And God. You still need to cling God. Because you aren’t as desperate as you were before, but you are other things instead. This was perhaps the most unexpected part. You are so grateful for your everyday ordinary life and also so many things are still being rooted out. You still feel sad, angry, frustrated, annoyed, tired and just done already alongside of grateful, grateful, grateful. More questions, more wresting, more learning. You are still in need of a savior and you are still in need of hope. Hope. The light. Rest from all the change and growing and learning. A glimpse of new life, an end (at least for now) of things dying away. You are aching for the bloom.
And then - and then it is advent.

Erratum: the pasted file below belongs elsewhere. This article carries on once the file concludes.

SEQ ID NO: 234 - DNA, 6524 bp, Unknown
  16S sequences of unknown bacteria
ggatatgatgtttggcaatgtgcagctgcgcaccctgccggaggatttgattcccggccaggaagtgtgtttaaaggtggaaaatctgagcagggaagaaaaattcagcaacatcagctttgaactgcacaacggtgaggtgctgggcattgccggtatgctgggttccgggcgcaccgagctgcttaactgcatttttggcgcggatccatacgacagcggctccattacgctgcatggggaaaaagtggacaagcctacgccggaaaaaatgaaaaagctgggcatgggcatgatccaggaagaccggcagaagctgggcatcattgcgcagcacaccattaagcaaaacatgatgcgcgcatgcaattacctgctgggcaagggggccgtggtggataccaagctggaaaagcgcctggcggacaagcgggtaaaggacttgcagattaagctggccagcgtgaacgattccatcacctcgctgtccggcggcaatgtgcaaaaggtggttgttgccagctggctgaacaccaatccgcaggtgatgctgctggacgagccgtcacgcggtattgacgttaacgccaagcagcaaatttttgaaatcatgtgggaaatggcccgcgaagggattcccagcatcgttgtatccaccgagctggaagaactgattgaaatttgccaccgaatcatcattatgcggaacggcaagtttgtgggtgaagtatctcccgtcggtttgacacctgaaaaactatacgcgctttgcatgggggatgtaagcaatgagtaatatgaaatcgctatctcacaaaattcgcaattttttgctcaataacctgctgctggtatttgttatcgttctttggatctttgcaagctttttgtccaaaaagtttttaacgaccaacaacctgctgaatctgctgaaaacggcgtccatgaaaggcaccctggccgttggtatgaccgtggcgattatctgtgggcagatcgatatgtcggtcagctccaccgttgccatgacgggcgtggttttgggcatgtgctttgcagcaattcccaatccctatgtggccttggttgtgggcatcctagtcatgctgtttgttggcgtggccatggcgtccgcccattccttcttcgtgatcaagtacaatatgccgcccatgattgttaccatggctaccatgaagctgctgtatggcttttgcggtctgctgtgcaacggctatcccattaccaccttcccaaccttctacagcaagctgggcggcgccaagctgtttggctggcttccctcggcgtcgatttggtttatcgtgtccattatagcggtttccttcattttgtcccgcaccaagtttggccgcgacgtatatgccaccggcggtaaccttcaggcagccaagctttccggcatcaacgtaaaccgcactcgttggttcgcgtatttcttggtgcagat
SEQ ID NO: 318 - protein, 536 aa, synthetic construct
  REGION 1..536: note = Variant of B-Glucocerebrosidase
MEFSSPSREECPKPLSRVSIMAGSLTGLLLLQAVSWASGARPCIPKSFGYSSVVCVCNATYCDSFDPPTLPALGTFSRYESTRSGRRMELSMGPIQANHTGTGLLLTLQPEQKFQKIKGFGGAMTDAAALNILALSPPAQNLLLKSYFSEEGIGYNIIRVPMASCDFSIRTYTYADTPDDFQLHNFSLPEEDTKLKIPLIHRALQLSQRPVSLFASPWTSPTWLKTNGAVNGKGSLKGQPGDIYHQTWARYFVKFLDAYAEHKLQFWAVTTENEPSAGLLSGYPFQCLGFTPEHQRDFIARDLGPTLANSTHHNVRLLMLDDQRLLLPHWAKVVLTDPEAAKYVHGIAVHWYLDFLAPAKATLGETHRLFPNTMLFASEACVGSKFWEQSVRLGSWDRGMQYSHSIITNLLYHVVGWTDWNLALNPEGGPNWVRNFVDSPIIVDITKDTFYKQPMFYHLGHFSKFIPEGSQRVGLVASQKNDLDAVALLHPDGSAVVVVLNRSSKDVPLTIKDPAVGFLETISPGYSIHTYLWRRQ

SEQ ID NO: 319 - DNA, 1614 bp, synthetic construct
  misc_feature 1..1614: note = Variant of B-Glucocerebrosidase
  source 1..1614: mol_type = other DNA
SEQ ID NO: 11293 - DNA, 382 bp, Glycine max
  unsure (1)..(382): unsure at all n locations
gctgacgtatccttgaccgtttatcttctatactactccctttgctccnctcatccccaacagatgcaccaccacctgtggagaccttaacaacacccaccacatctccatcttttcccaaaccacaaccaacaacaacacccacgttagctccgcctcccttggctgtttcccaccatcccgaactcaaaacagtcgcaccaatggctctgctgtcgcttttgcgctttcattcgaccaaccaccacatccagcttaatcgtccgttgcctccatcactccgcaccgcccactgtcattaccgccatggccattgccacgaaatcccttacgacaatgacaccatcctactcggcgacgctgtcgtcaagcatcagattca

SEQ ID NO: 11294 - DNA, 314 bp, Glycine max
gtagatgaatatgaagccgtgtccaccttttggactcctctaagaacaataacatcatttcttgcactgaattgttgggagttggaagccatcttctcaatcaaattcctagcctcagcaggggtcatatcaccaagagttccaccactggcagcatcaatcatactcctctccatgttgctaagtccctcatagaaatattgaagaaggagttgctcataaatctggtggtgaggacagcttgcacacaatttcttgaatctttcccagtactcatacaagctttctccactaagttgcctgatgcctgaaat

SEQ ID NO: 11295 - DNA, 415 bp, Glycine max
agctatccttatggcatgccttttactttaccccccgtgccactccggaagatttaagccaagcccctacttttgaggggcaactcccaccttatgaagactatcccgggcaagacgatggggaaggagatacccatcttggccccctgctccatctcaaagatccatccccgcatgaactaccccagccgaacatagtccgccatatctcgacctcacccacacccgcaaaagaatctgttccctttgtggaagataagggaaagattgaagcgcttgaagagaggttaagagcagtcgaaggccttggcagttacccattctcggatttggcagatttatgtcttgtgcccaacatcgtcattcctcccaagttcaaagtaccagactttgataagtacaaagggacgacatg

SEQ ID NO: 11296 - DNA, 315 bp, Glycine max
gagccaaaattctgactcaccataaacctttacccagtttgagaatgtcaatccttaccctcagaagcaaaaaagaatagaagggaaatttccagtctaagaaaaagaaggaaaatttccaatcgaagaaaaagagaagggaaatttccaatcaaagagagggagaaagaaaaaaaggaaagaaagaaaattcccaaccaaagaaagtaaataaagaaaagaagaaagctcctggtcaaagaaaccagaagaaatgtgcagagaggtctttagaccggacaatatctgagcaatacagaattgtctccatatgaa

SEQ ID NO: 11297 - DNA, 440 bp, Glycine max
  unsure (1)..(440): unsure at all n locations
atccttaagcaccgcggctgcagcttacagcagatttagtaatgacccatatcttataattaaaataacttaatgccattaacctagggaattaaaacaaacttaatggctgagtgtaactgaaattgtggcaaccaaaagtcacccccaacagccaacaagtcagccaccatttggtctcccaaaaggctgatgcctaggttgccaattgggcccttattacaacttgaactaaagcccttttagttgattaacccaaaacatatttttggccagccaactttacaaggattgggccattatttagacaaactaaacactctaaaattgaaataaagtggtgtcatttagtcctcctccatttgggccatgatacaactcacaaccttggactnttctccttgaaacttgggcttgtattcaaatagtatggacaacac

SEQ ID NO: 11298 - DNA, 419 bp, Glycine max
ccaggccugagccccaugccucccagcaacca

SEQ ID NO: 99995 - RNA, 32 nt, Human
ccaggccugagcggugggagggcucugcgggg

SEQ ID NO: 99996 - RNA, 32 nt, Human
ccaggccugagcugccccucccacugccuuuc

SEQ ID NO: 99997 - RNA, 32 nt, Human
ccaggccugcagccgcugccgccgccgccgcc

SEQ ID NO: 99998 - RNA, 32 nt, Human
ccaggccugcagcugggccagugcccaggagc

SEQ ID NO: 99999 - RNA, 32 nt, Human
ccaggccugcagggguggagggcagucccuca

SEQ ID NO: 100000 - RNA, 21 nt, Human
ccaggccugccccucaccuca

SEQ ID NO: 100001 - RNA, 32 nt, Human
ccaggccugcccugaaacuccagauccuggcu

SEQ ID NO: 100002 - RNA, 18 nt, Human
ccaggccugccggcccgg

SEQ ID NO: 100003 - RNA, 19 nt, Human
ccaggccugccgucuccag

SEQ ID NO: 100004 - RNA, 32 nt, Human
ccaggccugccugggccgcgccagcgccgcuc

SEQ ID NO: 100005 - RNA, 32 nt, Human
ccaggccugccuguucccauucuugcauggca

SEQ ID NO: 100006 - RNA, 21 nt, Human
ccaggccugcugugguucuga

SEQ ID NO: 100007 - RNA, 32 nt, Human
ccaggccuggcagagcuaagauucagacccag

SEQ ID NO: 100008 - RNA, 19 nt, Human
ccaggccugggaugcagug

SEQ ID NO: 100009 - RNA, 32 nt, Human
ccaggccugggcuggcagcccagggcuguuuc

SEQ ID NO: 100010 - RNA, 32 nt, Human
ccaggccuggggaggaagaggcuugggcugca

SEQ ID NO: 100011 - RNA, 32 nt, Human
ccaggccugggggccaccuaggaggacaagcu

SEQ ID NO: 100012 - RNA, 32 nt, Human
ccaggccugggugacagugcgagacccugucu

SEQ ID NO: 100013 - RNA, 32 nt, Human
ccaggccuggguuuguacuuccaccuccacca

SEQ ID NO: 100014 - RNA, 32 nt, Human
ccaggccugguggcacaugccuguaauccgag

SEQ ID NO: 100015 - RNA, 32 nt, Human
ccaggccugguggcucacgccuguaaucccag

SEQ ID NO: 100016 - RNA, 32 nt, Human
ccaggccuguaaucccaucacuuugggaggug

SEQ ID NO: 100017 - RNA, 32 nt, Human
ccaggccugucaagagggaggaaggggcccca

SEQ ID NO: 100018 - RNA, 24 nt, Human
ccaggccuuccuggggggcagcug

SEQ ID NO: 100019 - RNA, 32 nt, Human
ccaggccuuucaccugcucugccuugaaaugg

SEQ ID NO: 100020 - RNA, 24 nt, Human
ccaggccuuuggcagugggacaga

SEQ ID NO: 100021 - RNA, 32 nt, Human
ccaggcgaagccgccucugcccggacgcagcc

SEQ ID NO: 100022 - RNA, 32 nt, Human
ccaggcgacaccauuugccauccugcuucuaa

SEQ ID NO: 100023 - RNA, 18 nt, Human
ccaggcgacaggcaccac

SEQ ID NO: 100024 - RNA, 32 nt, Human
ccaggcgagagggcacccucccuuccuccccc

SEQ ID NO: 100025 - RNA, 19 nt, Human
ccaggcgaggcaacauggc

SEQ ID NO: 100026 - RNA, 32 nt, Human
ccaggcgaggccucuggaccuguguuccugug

Quiet. You find so much quiet and stillness. This is a natural posture for you now. Sitting, quiet. Being present. Palms open. Praying for eyes to see hope, hope everywhere. Perhaps more will die away but you are also open to receive. There is no magic. No single moment where you wake up and think ‘this is it I have bloomed’. Not yet anyway. Instead you listen for the next step, then the next, then the next. Slow, quiet, listen. Slow, quiet, listen.
This is the heartbeat of the healing.